Solar Hot Water

epsea-solar water heater

Most everyone has experience with passive solar water heating. How many times have you turned on the hose in the yard and nearly burnt yourself with hot water? While you weren’t looking, old Sol was quietly working to give you hot water, even if you didn’t want it. Well if it’s that easy, imagine what you can do if you’re actually trying to make hot water. Passive solar hot water systems are probably the oldest commercially available solar systems. At the turn of the century there were large numbers of solar water heating systems on roof tops, especially in Los Angeles and Florida. Very little has changed from the original concept. Put a water holding tank in a box, with glass on the side facing south and fill it with water. No moving parts, nothing to break down, free fuel and no pollution.

The passive solar water heater is known today by many names; PSWH, Batch Heater and Bread Box are the most common and then there is the very technical; Integrated Collector and Storage System (ICS).

The PSWH of today usually starts with a 40 gallon, glass lined tank. These tanks come disguised as ordinary electric water heaters, which are stripped of their appliance shell and insulation. Painted flat black, with high temperature engine or barbecue paint and they’re ready for solar.

 

The box should be well insulated to prevent energy loss and the amount of insulation should reflect your local climate. The typical box is constructed with 2X4s or 2X6s, using fiberglass batt insulation. The exterior siding may match that of your home, or some other material suitable for your area. The interior sheathing is often ridged insulation, preferably with a foil face facing in which works to reflect more energy onto the tank. Ridged insulation comes in various thicknesses which can help increase your insulation R-value.

The size of the box must be big enough for the tank, but also large enough to allow adequate solar gain. Typical glass sizing is 1 sq. ft. of glass for every 2 to 2 1/2 gallons of water. A standard size, double glazed, patio door replacement glass (34″X76″) is ideal for a 40 gal. water heater. Of course if you already have a piece of glass…….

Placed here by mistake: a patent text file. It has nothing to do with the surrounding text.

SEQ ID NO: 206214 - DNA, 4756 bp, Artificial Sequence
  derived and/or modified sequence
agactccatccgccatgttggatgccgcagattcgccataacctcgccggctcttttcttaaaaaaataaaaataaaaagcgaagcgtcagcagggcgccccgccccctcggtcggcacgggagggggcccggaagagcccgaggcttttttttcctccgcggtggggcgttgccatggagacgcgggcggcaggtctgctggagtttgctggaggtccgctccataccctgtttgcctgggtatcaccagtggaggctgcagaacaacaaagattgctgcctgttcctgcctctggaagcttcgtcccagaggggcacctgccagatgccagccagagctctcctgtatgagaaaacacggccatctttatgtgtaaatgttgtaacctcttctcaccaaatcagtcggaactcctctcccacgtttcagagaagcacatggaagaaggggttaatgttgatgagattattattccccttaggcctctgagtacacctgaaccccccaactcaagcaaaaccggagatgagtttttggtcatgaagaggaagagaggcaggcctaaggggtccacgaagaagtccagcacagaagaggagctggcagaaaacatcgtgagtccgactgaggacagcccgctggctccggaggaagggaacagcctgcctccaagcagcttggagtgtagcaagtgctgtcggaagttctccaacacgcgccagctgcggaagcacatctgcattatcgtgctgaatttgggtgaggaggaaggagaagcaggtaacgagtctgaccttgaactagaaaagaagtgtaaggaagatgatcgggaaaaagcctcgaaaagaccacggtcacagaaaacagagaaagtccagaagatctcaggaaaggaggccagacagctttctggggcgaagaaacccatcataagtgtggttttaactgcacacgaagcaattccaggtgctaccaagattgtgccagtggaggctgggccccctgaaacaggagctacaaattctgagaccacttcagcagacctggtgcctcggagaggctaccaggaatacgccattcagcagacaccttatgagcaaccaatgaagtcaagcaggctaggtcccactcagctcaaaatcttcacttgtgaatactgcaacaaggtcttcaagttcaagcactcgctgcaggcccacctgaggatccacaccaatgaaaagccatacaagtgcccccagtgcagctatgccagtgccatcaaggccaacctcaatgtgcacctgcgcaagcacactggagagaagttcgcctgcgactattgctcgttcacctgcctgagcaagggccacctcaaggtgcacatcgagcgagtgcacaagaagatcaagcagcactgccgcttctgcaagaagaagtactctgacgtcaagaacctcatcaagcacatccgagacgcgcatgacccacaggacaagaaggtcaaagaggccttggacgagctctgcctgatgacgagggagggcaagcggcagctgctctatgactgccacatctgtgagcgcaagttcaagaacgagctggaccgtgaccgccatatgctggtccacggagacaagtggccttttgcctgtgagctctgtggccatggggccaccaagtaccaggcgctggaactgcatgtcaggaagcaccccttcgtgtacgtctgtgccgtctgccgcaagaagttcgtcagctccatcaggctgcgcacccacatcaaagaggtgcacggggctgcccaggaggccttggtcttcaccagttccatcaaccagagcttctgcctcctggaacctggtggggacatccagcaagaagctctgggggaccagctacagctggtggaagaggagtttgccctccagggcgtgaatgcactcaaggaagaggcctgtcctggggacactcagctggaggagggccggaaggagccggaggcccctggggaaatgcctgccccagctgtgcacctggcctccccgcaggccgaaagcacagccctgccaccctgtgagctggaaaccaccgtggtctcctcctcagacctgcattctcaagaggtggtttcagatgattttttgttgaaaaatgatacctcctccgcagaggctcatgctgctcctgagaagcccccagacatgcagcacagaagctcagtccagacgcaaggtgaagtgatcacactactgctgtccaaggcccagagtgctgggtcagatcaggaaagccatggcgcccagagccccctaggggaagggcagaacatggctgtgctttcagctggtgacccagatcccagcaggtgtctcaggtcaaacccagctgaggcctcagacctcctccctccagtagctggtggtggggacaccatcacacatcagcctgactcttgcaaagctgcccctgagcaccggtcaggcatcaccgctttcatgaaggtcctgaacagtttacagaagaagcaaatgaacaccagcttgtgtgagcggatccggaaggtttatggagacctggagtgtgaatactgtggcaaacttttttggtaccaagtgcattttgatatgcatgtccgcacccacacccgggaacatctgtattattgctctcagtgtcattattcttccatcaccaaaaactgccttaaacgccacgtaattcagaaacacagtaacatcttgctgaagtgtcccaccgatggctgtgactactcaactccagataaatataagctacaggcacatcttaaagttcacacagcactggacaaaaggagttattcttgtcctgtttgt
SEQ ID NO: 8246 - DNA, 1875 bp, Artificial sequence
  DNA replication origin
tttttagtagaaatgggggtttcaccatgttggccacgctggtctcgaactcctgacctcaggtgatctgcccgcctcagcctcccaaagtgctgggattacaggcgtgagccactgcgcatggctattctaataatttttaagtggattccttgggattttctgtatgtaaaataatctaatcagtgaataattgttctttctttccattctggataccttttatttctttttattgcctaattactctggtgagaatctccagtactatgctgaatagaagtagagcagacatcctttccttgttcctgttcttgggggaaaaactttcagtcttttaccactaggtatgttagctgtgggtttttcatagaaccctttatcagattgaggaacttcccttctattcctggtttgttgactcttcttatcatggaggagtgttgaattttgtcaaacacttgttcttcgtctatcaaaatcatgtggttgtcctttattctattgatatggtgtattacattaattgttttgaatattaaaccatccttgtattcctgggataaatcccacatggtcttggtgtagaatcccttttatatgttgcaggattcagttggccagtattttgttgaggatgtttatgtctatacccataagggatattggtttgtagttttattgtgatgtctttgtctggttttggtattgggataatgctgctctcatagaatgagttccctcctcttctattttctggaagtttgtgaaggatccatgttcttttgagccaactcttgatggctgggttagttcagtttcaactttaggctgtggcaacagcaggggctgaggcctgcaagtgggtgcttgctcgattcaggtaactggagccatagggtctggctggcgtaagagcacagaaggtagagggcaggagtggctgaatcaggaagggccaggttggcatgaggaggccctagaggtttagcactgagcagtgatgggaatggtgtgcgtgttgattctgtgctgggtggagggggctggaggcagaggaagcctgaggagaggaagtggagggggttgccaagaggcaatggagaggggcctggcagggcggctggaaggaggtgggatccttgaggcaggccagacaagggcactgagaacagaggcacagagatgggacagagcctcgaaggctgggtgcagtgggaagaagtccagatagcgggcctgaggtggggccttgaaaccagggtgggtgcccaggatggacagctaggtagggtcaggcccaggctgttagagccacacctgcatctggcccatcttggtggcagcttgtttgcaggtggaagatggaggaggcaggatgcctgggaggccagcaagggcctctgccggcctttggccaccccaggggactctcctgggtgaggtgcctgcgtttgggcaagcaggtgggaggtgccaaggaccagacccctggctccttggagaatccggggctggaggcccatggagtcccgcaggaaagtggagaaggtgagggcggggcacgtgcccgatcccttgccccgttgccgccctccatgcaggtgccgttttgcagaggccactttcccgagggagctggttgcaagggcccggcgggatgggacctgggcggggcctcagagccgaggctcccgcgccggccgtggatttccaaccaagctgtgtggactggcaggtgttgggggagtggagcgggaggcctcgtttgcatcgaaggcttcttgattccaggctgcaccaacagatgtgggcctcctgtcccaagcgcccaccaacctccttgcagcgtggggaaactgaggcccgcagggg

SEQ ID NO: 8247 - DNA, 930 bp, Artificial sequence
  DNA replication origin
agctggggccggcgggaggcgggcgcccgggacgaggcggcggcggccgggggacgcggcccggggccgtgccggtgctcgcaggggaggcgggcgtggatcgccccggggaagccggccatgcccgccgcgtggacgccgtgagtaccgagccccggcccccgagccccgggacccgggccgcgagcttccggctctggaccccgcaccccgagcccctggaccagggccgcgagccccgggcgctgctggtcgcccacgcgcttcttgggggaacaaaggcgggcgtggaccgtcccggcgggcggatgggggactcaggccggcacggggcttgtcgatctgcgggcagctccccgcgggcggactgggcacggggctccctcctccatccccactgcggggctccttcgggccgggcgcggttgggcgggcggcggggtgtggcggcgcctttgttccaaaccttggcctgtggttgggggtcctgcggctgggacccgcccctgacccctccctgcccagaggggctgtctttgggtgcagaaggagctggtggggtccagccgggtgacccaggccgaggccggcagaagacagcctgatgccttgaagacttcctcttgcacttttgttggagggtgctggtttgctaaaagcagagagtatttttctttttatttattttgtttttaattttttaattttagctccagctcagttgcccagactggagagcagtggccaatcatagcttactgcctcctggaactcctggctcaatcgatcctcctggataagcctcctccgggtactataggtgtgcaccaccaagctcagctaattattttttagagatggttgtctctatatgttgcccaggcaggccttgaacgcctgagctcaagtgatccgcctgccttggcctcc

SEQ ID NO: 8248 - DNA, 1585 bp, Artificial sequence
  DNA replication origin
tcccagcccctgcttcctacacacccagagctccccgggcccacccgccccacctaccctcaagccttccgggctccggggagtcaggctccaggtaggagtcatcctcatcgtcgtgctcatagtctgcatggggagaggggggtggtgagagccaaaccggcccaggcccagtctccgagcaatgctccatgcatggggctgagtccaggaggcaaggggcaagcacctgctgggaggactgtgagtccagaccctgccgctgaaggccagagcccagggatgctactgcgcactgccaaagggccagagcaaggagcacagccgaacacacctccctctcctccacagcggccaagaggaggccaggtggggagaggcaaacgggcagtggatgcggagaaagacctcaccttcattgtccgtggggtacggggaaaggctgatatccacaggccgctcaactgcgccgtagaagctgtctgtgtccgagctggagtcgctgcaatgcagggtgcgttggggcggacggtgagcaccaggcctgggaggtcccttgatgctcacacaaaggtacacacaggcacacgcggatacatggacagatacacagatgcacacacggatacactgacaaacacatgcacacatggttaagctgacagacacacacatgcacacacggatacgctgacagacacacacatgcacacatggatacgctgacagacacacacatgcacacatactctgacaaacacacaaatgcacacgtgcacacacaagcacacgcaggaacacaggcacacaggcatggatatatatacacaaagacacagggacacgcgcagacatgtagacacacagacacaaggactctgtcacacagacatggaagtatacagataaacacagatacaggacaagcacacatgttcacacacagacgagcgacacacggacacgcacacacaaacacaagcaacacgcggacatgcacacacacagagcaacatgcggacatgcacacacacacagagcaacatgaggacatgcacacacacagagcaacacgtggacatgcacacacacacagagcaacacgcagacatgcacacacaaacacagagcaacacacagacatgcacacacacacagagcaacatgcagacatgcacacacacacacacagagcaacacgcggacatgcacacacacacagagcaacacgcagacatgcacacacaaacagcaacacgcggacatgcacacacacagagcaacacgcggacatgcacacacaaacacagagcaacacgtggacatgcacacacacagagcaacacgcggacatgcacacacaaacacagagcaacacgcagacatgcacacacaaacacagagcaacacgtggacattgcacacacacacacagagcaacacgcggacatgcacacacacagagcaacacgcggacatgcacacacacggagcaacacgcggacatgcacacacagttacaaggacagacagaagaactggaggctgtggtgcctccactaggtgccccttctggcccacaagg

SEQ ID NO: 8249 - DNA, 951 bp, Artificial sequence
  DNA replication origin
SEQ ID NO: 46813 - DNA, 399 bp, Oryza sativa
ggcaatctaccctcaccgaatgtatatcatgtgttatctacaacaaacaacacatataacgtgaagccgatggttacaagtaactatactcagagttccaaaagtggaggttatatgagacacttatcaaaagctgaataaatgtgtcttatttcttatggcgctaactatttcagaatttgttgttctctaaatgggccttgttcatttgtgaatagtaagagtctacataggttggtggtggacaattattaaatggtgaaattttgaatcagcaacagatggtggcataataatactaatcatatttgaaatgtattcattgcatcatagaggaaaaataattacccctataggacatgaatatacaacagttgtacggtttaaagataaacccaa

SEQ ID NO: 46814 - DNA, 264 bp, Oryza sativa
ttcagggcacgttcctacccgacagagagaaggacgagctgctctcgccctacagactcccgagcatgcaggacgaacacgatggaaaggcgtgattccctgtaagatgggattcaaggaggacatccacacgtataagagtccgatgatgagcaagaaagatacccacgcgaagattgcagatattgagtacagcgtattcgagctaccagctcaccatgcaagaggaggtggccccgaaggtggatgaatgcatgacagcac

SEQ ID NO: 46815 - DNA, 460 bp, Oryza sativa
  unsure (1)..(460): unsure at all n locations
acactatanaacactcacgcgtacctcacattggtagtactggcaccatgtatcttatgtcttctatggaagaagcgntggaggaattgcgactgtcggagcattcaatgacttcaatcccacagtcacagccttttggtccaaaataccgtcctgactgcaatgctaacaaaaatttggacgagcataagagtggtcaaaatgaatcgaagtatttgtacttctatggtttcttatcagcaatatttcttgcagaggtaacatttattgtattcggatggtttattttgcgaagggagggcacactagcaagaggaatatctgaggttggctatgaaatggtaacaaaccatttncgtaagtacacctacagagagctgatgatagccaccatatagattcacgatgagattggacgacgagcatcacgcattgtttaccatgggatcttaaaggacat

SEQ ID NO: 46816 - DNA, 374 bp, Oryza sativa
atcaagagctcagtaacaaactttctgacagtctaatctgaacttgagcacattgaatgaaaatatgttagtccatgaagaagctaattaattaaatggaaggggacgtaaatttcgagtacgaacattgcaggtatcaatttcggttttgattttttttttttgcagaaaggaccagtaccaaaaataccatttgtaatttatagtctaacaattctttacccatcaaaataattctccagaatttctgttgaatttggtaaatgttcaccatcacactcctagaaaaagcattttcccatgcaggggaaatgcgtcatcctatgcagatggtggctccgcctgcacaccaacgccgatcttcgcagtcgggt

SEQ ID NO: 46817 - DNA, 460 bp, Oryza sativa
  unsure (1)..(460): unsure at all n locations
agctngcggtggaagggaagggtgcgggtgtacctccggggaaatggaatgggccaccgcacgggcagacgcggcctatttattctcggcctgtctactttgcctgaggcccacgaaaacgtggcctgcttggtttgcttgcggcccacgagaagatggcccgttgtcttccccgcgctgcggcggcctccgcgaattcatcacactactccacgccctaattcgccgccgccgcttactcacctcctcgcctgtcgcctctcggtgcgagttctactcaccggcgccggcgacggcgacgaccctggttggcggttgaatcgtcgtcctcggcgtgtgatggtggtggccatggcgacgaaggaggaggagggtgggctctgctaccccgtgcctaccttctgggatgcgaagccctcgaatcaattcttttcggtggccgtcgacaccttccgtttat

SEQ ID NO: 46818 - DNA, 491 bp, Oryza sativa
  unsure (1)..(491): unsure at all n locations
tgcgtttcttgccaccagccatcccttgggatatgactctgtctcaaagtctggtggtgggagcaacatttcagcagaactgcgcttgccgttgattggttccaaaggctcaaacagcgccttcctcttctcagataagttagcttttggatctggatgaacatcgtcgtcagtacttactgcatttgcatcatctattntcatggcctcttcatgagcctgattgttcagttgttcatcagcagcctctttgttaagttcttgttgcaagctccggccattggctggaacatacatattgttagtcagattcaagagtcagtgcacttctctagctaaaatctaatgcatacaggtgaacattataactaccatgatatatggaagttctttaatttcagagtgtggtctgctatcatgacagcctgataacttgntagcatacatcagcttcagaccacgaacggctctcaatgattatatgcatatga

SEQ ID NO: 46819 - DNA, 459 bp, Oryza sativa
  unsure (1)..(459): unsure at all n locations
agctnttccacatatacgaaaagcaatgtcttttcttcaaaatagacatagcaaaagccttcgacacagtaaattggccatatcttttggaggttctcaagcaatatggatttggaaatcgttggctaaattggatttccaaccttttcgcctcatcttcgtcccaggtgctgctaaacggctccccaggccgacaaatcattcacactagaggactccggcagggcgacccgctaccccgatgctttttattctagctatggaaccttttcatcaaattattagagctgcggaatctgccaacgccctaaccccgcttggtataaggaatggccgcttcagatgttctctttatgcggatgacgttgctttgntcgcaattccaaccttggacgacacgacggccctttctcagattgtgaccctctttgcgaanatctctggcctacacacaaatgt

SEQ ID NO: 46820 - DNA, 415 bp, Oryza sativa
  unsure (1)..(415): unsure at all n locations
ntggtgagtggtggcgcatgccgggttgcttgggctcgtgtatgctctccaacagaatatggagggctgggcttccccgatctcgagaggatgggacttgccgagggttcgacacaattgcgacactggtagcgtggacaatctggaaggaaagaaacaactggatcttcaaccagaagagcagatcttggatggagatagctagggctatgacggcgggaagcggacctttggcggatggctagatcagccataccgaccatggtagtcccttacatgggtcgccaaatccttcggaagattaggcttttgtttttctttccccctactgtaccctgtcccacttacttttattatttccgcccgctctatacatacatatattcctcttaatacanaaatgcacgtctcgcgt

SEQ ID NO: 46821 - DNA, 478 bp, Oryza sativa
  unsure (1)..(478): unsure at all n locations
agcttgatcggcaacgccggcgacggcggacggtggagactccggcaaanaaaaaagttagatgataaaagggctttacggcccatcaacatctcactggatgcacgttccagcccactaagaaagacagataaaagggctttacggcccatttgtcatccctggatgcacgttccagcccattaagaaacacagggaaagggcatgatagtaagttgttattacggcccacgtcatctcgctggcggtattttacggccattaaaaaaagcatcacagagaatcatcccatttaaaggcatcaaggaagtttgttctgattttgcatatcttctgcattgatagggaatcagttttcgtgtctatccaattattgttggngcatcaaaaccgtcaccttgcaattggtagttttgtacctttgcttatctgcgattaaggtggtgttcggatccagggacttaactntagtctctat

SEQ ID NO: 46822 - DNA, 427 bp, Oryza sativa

A water heater has an inlet and outlet and how you attach your plumbing does make a difference. The cold water inlet has a dip tube which extends down nearly to the bottom of the tank, to deliver the cold water to the right place. The hot water outlet takes the hottest water from the top of the tank. If your design calls for the tank to lie on its side be sure that the cold inlet is at the bottom.

Be aware that the 40 gallon tank when filled with water will weigh over 350 lbs. Add to that the weight of the box/glass and it’s time to reconsider putting this monster on your mobile home. Ground mounted PSWH are very common. As always be sure the system will receive full sunshine from 9 am to 4 pm. Remember, if your installing a solar system and you’re working in the shade, there’s something wrong.

If the collector will be installed on a frame roof it’s best to attach in such a way as to spread the weight over a few rafters, and if possible, provide additional support with braces extending up to the rafters from interior walls. The ideal location is as close to the existing water heater as possible.

Shorter plumbing runs are not only more efficient, they decrease the winter freezing potential. The chances of freezing 40 gallons of water are minimal but frozen pipes are a reality. With the tank installed close to the water heater the freezing potential is minimized but not eliminated. All plumbing between the existing water heater and the PSWH is insulated, with more insulation on any pipes exposed to the outside. Also be sure to carefully insulate all plumbing in attic areas.

Plumb the system by first supplying cold water to the solar tank. From there, the hot water outlet is plumbed to the cold water inlet on your existing water heater. As long as the solar water entering your water heater is above the thermostat setting, your water heater does nothing. When the temperature of the solar water entering the water heater is less than the thermostat setting, your water heater makes up the difference.

The temperature of the water from a PSWH depends on many variables. The amount of sunshine, ambient air temperature, the amount of insulation used, the temperature of the supply water as well as the hot water demand all effect outlet temperature. Under ideal weather conditions, and no hot water used since morning, the water temperature at 5 pm can exceed 180 degrees F. You may consider installing a tempering valve which allows you to set the temperature for the water before it reaches the faucet.

How much of your hot water demand will be met by your PSWH varies depending on a number of factors. Have you installed low-flow shower heads and aerators? Have you installed a water heater blanket and set the thermostat to 120 degrees F? When do you use the most hot water? If you normally wash clothes/shower etc. in the evening, there probably won’t be any solar water in the morning. If someone is normally home during the day and clothes washing is scheduled for around solar noon, you can stretch your solar water. After normal water use in the am, the sun heats the water all morning and then that water is used for the laundry (if necessary). This schedule allows time for the water to heat up again during the afternoon.

Be sure your installation meets all local plumbing codes etc.

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